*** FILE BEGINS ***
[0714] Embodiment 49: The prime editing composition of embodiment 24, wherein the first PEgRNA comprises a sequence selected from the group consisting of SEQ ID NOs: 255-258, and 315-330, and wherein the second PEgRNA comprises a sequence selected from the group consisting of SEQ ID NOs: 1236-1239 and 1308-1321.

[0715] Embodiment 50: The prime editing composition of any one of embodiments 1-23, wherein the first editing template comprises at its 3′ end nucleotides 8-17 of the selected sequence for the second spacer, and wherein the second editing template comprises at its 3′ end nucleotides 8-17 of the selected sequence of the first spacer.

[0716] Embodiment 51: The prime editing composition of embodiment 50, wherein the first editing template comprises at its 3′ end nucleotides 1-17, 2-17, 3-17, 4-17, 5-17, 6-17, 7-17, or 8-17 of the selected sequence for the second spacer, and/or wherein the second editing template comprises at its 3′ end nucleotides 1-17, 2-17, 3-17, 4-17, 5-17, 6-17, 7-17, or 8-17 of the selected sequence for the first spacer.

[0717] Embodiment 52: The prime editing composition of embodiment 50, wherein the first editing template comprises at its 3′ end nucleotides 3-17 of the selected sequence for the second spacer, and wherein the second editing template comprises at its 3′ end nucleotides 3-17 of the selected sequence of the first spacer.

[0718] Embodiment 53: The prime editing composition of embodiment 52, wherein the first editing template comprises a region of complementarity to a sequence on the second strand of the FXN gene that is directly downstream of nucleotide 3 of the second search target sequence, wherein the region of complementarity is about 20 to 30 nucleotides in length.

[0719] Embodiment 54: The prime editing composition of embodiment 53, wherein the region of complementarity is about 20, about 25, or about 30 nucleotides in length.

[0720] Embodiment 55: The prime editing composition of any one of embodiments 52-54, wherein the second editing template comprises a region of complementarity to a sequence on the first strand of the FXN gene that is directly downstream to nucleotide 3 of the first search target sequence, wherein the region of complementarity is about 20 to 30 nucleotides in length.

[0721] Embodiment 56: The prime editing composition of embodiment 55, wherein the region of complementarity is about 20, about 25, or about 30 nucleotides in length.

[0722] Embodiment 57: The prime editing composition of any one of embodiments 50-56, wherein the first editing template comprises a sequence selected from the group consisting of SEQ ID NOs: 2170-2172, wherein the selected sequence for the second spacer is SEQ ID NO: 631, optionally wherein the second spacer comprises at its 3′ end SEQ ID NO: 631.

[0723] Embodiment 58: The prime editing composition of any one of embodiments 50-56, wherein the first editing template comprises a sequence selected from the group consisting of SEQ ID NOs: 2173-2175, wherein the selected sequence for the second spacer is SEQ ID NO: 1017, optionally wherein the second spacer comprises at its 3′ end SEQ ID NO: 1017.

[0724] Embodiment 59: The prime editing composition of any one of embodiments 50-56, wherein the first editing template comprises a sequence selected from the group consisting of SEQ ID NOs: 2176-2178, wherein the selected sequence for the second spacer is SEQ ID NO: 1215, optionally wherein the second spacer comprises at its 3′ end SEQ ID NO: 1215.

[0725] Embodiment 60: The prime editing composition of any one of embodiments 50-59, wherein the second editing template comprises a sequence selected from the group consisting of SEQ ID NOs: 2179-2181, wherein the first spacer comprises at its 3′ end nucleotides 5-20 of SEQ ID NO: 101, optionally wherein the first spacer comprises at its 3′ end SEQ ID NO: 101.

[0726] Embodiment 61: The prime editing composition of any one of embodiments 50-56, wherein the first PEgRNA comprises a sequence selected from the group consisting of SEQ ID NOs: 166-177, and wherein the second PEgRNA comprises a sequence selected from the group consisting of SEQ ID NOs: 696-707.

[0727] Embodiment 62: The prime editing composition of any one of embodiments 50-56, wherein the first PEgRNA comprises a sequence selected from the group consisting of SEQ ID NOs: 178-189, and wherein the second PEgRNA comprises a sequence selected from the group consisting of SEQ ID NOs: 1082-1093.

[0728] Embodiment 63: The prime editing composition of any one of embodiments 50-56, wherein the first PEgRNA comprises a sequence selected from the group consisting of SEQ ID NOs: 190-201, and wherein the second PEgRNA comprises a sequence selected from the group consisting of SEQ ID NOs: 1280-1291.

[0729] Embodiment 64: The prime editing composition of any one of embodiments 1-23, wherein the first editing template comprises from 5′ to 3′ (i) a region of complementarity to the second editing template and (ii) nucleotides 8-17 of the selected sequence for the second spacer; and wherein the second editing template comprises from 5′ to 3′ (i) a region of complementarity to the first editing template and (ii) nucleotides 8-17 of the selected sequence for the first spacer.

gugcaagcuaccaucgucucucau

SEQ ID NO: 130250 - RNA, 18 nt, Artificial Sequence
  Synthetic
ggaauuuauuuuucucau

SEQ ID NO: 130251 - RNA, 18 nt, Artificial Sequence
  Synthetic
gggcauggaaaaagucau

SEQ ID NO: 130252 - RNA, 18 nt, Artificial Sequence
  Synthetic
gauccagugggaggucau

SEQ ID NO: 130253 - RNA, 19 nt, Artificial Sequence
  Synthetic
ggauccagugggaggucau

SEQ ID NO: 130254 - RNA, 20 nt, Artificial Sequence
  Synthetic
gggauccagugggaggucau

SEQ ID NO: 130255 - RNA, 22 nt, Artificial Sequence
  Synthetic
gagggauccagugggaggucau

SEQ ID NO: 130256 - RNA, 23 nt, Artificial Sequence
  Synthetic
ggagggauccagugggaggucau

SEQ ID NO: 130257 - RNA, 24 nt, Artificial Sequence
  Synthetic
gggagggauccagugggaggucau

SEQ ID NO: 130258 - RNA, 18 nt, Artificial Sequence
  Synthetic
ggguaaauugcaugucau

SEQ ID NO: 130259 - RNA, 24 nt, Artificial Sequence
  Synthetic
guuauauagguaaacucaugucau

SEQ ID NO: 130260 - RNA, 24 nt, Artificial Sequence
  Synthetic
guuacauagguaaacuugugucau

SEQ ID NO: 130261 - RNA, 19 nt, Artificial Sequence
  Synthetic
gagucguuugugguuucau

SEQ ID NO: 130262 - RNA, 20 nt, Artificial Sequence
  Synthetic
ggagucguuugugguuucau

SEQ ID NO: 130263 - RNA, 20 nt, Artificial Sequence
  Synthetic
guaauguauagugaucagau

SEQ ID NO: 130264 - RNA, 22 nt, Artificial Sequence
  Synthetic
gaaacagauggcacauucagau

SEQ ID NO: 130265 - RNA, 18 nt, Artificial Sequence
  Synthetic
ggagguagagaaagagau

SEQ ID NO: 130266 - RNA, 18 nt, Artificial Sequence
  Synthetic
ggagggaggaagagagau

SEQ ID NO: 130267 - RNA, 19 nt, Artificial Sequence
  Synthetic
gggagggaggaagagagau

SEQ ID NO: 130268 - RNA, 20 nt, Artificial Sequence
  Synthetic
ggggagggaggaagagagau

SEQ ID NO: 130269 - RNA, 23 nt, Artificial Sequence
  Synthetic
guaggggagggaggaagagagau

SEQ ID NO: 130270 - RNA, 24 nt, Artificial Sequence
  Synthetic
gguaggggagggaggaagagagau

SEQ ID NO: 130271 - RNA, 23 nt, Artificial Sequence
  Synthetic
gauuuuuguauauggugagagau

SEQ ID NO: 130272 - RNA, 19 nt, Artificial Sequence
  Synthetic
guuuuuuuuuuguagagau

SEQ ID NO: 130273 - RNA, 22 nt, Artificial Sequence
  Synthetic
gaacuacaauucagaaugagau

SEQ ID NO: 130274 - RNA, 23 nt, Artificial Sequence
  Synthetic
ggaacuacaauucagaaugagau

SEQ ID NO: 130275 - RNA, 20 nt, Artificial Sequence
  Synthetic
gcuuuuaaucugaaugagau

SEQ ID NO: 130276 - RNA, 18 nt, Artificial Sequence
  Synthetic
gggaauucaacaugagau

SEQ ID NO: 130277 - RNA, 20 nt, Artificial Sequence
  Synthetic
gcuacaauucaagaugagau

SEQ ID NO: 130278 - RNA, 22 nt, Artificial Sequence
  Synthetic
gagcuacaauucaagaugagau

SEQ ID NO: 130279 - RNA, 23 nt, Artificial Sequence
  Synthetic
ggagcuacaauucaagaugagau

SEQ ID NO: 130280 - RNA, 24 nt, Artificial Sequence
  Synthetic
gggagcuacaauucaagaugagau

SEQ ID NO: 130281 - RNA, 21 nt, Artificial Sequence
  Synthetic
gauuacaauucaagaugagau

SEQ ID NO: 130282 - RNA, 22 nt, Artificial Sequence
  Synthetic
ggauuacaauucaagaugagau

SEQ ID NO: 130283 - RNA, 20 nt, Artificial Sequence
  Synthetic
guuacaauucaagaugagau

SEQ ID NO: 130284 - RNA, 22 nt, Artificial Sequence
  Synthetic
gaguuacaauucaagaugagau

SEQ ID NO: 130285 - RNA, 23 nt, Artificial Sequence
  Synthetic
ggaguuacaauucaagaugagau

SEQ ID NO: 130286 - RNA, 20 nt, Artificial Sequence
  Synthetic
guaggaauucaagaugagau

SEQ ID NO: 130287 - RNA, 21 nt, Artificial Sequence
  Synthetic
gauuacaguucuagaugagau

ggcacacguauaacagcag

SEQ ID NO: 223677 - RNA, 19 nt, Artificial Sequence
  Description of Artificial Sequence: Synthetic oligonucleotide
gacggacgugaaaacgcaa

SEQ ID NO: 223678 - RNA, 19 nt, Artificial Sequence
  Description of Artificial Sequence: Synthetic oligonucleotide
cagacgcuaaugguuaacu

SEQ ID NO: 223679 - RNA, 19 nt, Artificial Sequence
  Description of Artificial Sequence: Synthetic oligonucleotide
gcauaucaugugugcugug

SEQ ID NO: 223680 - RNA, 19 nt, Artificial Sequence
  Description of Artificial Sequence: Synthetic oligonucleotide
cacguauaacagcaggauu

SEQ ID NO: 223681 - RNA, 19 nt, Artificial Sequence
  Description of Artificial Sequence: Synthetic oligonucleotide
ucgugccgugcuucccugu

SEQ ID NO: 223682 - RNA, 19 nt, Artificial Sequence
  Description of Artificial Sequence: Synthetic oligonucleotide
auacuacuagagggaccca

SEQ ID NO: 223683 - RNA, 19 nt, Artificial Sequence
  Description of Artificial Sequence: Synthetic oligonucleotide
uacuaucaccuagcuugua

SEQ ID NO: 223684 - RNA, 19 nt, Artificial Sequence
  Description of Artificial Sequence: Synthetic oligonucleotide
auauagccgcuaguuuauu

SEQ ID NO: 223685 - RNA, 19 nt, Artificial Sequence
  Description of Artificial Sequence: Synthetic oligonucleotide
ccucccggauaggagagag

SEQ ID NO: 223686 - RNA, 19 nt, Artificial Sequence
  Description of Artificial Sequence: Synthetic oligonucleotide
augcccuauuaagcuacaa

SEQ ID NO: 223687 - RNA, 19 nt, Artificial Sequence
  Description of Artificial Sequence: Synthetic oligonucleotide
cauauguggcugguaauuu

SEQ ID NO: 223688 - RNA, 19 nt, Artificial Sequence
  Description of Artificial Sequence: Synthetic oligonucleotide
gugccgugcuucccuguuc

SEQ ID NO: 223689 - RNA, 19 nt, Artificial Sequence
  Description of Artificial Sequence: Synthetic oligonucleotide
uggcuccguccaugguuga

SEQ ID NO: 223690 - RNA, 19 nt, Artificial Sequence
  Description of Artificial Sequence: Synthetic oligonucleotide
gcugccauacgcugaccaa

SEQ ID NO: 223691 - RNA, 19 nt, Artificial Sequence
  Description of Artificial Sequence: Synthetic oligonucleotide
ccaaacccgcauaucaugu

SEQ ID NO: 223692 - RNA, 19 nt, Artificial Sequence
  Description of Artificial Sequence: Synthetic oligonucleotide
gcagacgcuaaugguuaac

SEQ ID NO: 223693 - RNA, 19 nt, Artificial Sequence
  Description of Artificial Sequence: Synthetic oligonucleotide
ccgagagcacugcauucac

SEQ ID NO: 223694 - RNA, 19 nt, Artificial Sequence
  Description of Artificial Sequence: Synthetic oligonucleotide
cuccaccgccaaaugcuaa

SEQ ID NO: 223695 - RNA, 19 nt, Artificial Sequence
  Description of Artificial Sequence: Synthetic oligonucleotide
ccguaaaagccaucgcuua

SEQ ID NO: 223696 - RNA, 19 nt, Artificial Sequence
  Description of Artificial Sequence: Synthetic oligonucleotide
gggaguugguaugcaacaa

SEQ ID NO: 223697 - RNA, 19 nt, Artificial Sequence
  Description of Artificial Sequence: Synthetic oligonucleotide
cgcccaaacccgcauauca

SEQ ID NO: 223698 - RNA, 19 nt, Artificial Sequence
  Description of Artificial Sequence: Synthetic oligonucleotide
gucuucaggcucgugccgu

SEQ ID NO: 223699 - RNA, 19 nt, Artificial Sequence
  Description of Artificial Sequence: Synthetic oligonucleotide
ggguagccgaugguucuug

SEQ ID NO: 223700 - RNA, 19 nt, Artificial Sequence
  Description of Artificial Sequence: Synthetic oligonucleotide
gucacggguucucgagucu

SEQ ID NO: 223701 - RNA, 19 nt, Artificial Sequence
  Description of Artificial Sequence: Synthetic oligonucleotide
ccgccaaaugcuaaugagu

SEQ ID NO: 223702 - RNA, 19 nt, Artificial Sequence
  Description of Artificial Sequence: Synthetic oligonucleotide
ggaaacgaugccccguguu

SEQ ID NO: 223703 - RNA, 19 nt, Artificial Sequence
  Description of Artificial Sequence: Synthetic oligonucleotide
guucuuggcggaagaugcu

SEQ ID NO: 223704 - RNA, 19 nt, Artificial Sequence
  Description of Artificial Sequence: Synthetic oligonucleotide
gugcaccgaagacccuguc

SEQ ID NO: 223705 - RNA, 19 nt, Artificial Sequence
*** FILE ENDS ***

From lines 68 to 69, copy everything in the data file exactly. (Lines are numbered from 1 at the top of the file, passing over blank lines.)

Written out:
ggagggaggaagagagau

SEQ ID NO: 130267 - RNA, 19 nt, Artificial Sequence